Born in France, Father Louis Hippolyte-Gache, S.J. (1817-1907), was a Chaplain in the Confederate Army throughout the Civil War. In his letters, he recounts the following incident in the Fall of 1861, when he met Confederate General John Bankhead Magruder (1807-1871). The following is taken from Cornelius M. Buckley, S.J., ed., A Frenchman, A Chaplain, A Rebel: The War Letters of Pere Louis- Hippolyte Gache, S.J. (Chicago: Loyola University Press, 1981), 50-51.
I had the opportunity of seeing Major General Magruder and of talking with him about the needs of the Catholic troops and about what I’m hoping to do for them… They talk a great deal around here about [Major] General Magruder and what they say is not always complimentary. As far as I am concerned, however, he is a very unpretentious and likeable gentleman. During our little visit his houseboy brought him a bowl of peaches. Since it was a little after 12:00, I wouldn’t be surprised if he had ordered this for his lunch.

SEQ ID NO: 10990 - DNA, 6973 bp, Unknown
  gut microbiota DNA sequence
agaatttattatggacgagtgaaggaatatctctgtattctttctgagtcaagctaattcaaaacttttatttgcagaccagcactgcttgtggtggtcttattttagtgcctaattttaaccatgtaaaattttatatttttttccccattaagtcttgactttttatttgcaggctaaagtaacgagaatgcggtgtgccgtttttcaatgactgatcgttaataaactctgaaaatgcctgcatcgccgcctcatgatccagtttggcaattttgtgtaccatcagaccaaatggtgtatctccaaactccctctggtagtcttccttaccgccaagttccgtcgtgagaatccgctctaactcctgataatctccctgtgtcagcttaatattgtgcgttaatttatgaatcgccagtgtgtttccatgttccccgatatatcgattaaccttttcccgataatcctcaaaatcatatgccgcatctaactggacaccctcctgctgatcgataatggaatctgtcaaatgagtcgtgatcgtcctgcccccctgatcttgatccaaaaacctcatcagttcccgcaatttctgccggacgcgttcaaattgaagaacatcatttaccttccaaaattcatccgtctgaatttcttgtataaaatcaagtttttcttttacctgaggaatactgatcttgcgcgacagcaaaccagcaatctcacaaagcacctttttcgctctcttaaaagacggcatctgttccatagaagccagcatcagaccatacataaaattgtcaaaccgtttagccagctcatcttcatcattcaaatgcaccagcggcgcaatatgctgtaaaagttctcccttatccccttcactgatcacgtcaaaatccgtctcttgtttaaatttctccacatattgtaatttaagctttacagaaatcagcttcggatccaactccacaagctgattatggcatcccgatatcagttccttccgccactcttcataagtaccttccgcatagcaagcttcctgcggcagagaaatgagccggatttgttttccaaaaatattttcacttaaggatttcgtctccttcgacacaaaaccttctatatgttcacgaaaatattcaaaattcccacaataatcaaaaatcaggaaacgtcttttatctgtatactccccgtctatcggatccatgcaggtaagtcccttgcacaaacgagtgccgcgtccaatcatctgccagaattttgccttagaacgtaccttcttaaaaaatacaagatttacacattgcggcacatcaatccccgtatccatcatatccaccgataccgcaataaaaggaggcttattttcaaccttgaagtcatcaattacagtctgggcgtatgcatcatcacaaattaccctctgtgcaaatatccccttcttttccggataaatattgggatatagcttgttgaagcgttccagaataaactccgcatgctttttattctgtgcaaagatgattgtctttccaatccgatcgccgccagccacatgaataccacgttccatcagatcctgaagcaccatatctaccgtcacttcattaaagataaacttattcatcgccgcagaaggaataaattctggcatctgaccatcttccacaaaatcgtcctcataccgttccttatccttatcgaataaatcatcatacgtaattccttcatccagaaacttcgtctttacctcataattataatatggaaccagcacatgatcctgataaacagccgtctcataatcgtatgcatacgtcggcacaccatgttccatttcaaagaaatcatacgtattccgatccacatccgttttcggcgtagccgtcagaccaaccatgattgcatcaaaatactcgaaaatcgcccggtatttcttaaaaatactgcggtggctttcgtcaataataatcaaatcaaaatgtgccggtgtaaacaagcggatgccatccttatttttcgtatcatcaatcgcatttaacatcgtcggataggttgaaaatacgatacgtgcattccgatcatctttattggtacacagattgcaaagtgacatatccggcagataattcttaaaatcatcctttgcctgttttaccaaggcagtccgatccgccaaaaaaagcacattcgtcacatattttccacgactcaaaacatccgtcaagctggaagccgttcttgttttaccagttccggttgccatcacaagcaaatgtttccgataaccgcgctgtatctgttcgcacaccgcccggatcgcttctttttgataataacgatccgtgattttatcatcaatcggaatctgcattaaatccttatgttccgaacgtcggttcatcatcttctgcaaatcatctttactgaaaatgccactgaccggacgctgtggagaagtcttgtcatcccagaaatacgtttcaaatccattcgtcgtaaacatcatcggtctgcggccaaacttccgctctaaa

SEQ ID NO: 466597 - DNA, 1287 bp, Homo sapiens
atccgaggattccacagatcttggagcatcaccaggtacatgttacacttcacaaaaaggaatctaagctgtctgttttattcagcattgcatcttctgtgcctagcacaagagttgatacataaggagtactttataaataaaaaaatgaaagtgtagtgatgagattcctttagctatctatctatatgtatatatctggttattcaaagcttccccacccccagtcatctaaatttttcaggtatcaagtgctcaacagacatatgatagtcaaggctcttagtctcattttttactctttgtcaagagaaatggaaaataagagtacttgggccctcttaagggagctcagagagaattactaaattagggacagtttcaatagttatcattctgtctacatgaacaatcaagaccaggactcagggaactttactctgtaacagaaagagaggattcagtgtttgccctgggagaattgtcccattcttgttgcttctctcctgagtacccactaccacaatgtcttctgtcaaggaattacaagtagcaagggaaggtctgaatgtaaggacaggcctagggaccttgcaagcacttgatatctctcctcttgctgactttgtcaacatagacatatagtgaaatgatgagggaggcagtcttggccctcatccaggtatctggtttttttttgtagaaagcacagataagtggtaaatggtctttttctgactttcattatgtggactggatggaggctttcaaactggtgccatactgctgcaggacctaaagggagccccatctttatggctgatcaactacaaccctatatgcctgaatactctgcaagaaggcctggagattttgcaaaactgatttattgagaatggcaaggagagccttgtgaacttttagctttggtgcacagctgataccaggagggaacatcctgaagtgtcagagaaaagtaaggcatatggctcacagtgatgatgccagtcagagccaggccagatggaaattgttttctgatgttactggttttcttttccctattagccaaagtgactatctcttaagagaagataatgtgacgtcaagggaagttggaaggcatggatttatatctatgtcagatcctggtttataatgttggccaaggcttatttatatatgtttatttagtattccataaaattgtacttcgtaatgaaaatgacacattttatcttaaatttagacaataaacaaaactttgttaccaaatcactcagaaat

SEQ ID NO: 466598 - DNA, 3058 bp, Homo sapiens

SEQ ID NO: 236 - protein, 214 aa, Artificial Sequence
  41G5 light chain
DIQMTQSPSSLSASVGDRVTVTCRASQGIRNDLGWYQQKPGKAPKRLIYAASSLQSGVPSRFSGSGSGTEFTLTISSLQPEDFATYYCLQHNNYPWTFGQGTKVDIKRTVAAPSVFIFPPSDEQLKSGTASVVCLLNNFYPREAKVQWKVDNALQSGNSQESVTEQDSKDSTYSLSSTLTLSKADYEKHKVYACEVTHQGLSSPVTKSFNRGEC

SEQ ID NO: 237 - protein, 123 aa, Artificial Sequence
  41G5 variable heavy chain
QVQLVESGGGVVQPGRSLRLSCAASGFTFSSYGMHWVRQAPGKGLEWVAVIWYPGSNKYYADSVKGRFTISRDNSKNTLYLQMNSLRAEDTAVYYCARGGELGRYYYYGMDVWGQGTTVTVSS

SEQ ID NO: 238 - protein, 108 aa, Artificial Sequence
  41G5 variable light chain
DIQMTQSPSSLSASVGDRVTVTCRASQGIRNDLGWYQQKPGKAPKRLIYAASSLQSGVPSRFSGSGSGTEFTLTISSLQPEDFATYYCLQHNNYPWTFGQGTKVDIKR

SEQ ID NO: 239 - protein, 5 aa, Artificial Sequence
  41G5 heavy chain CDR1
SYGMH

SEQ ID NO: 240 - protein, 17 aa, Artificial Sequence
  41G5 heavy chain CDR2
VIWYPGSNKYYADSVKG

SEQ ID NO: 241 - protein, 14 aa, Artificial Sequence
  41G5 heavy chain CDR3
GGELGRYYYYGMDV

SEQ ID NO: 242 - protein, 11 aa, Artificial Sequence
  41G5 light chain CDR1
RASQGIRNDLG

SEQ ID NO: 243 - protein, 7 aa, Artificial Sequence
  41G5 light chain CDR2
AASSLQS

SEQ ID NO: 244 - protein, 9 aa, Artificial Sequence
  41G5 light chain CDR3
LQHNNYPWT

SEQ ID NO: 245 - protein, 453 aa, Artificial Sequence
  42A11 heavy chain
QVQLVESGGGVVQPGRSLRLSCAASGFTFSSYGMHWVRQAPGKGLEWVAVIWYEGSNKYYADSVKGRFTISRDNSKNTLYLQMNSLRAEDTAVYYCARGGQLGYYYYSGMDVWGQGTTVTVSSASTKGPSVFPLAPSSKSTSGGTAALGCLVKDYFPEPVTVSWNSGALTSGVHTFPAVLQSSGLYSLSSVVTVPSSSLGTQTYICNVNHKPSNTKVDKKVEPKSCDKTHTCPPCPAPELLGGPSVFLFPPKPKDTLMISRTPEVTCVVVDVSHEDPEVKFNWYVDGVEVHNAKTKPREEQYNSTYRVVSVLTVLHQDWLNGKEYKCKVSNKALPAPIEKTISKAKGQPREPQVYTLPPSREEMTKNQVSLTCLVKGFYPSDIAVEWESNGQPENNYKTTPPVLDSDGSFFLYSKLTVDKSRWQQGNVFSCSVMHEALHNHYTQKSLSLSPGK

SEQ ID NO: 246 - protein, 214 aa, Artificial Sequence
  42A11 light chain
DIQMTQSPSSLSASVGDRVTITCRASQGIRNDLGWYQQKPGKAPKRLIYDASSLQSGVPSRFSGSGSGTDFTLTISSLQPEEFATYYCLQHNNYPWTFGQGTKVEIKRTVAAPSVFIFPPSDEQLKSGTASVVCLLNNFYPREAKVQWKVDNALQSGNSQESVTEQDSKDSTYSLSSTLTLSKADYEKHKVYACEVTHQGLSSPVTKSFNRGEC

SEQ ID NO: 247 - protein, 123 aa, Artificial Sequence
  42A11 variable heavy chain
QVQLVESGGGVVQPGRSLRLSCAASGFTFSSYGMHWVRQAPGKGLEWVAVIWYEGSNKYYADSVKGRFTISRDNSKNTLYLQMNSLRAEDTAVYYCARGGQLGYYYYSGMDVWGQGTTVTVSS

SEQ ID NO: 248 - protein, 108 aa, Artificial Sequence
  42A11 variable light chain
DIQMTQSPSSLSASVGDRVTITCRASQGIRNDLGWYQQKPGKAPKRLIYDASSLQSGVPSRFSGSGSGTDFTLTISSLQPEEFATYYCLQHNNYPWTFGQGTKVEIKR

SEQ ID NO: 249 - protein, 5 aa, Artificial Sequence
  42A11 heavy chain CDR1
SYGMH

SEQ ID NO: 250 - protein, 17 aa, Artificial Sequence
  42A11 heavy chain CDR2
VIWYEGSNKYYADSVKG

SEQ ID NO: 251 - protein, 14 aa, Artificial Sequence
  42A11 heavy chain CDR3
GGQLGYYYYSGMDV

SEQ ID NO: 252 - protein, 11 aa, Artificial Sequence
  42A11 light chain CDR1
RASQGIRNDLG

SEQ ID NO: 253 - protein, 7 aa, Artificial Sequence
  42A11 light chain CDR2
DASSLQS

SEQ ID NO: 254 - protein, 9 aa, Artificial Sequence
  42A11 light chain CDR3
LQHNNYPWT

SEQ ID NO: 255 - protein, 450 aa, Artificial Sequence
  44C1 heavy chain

“Here, have a peach,” he said, offering me the bowl, and I, who have made it a rule never to refuse what I am offered, chose the least prepossessing of the lot. “You, sir, are not a good peach-picker,” he said, taking the most succulent and thrusting it into my hand, adding: “Here, take this one.”
Then as he began eating he asked me: “To what denomination do you belong?”
“To the Catholic denomination.”
“Oh, I know that. But to what– er, order– do you belong within the Catholic denomination?”
“I am a Jesuit.”
“I thought so. You Jesuits are everywhere…”
“Yes, sir, doing all sorts of good works.”
“Oh, yes, that’s exactly what I understand.”